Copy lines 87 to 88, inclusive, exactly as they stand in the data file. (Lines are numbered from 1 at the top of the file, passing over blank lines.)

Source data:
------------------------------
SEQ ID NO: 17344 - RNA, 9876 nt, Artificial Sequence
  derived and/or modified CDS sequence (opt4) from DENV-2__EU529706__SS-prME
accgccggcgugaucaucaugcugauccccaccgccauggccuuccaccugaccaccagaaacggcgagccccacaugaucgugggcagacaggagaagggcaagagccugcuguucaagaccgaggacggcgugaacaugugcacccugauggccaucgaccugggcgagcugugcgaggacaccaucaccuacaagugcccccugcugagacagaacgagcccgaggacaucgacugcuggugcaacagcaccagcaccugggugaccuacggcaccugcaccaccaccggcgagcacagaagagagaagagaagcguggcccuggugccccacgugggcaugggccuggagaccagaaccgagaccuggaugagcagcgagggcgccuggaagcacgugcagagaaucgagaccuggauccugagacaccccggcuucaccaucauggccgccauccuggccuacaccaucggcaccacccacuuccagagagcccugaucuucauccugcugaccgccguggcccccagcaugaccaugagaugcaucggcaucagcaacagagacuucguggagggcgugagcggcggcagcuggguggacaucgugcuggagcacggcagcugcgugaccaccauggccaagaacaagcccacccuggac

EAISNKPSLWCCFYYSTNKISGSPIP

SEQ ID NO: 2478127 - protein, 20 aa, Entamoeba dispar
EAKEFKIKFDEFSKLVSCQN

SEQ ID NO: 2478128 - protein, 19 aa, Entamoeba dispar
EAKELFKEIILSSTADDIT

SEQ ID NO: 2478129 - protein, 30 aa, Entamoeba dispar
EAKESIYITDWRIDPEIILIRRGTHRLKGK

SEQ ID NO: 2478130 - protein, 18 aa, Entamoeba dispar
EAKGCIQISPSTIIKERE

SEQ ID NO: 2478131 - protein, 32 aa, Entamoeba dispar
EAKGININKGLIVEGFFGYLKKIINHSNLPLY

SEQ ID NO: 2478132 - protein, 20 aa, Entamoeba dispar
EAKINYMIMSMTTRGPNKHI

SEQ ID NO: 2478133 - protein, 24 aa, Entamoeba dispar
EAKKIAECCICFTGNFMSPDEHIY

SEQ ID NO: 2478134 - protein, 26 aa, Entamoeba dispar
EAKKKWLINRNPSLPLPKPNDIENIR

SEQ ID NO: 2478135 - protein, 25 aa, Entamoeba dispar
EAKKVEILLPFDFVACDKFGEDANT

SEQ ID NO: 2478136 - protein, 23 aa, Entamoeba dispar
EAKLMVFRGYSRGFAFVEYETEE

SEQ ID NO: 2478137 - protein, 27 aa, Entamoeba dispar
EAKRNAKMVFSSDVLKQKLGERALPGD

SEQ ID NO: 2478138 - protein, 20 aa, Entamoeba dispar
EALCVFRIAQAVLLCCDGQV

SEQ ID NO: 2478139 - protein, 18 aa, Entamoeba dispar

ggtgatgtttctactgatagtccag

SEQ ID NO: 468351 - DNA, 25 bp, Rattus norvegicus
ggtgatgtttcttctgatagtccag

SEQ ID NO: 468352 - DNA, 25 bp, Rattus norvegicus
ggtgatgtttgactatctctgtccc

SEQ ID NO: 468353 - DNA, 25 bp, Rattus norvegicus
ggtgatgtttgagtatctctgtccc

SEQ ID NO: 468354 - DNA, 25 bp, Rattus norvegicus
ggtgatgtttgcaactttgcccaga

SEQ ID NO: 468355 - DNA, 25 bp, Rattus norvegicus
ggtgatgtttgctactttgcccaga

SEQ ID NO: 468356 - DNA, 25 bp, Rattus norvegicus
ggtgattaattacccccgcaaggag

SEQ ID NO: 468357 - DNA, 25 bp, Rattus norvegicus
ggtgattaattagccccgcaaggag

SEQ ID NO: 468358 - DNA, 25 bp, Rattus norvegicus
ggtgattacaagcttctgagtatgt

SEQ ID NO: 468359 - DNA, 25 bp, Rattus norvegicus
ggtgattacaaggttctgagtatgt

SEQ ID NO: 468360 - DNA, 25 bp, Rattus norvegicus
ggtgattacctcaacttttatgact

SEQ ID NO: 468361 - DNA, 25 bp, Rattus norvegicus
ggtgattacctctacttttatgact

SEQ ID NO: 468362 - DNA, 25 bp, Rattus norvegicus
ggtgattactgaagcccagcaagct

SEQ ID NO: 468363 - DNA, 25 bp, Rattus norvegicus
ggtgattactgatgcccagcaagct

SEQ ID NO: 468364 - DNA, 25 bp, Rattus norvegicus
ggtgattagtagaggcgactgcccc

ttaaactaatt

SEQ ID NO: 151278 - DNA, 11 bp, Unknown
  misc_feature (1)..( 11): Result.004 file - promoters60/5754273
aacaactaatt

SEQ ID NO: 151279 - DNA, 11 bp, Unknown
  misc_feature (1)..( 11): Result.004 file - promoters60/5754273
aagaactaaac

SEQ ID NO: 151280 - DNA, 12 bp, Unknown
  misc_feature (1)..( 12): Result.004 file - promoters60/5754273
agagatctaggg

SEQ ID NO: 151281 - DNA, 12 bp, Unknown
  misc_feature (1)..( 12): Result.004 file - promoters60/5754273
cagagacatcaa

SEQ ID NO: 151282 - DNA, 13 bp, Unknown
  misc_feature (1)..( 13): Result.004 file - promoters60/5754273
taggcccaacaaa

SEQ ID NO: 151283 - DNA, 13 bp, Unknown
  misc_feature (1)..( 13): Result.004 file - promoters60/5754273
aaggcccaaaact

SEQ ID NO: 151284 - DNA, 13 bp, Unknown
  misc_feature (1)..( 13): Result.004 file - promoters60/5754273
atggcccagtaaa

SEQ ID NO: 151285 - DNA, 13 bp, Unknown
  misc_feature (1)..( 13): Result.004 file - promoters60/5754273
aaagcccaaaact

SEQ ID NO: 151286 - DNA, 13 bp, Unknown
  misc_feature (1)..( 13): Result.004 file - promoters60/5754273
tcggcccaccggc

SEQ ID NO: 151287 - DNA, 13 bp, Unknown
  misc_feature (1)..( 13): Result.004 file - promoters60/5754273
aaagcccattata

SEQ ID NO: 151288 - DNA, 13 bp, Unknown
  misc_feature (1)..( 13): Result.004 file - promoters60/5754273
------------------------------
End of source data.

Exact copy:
SEQ ID NO: 151287 - DNA, 13 bp, Unknown
  misc_feature (1)..( 13): Result.004 file - promoters60/5754273